That said, I've seen a lot of shirts, signs, and coffee mugs lately sporting a quote attributed to John Muir.  Specifically the phrase: The mountains are calling and I must go.  Well, that catchy little phrase taken from a letter to his sister was all I needed to be inspired to hike to the Camp Muir summit base camp, a mere 10,000' up Mt. Rainier.  Armed with little more than a 100oz Camelbak, two 24oz water bottles, electrolyte tabs, sandwiches, trail mix, a Clif Bar, a Luna Bar, almonds, SPF 40 zinc oxide, sunglasses, gloves, hat, extra layers of clothes, a buff, hiking poles, microspike crampons, and a 6,000' head start, I knew I was going to be living the inspiration on my coffee mug.

My desire to be inspired was non-existant when the alarm went off at 4:45am.  By the time we reached the park-n-ride in order to meet up with our other fellow hikers, I was really regretting buying that stupid mug whose coffee was barely keeping me awake.  The ten of us reached the Paradise Visitor's Center around 9am, thankfully, and from there it was only 4.1 miles to Camp Muir.  Only 4.1 miles with 4640' of elevation gain.  That's almost a mile up!  This Muir guy was starting to seem like a real kook.

Mountain, Marmot, Wildflowers.  Something for all. (Photo by Dawn M.)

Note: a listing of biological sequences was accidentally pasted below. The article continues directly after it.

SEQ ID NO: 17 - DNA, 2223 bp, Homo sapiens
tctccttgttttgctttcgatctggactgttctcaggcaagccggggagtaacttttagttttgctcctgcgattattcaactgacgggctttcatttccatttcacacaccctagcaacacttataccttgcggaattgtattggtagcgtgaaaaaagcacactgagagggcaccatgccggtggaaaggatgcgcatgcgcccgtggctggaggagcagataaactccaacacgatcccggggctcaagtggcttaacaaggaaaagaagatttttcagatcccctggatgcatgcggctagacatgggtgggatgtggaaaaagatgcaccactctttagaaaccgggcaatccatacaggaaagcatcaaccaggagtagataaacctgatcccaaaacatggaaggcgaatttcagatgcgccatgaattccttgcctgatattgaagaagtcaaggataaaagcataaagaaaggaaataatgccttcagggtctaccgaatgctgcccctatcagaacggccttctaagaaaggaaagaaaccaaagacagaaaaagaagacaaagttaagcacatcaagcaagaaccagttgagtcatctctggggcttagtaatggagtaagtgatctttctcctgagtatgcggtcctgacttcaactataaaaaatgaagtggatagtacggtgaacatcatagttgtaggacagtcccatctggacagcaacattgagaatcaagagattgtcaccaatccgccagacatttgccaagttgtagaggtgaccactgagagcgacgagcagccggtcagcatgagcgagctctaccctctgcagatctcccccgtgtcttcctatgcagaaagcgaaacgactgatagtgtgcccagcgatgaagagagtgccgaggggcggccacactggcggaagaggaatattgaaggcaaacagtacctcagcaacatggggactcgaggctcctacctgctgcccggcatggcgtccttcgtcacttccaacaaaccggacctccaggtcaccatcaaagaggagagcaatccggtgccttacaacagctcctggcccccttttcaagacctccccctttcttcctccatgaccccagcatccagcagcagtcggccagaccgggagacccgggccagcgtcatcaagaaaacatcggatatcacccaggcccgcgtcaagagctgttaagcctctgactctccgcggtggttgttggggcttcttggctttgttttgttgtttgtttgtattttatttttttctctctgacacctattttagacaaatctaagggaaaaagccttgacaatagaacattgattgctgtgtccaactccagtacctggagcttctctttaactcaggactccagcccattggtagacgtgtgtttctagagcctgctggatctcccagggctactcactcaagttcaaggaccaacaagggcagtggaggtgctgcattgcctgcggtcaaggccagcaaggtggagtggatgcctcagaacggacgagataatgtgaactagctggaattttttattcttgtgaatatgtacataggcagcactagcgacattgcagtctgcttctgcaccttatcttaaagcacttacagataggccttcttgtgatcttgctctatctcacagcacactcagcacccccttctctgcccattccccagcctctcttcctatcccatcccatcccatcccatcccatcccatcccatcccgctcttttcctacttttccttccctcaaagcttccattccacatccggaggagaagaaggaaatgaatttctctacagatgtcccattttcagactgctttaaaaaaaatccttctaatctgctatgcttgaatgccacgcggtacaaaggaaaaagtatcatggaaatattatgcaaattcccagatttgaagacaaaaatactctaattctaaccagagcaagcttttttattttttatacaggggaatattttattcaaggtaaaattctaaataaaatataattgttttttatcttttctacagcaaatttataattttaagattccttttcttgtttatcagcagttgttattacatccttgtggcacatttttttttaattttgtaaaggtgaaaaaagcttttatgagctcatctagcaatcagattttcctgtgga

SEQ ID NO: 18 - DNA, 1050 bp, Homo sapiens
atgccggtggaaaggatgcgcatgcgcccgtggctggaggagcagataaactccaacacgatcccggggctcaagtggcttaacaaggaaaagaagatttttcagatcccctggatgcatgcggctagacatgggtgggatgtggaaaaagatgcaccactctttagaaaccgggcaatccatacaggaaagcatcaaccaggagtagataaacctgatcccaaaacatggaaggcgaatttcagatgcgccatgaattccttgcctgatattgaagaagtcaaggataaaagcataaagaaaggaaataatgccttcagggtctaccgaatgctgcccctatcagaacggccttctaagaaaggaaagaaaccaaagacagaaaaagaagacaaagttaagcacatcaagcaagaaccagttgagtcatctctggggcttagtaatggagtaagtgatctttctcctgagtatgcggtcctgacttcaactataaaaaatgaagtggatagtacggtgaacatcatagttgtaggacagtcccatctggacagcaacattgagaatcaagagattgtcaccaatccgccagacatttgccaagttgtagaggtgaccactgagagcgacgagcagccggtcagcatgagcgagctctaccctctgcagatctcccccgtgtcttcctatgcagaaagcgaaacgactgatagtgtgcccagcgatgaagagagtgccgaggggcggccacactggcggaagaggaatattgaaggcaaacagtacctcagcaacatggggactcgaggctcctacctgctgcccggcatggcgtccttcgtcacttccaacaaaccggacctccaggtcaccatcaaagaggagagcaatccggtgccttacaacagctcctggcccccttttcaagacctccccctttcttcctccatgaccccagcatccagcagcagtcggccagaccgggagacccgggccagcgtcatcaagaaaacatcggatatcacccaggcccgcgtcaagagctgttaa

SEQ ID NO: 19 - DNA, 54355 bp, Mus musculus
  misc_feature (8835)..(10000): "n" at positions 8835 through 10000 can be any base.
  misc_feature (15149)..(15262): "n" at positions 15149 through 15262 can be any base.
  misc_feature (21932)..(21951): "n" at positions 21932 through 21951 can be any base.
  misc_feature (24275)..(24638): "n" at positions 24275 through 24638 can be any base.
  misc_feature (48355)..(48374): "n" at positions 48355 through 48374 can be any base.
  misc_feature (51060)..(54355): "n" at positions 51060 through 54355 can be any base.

The first 1.4 miles were on and off of ascending trails.  There were wildflowers and marmots aplenty, but those sights were just distractions from the work ahead.  This hike wasn't about enjoying nature, dammit.  It was about the mountain that was calling.

After running out of trail, we reached the snowfield that would lead us to Muir.  Only 2.7 miles and 3000' on slippery snow pack.  We slowly worked our way up, and again, people tried to point out that we were surrounded by beautiful scenery.  More distractions!  So what if we could see Mt. Adams, Mt. Hood, and Mt. St. Helens?  So what if there was bright blue snow underneath our footprints?  So what if there were a pack of ravens wildly cawing and flying around the different rock piles we passed?  The goddamn mountain was still calling!  I must go!

Left to Right: Mt. Adams, Mt. Hood, Mt. St. Helens (Photo by Jessica L.)

Five and a half hours after we began, we reached Muir.  We were exhausted, many party members had severe frostbite, two people were lost in a crevasse, and rations were running low, but we had done it.  We had answered the mountain's call and we were inspired.  Inspired to sit down and eat lunch, because were also tired and hungry.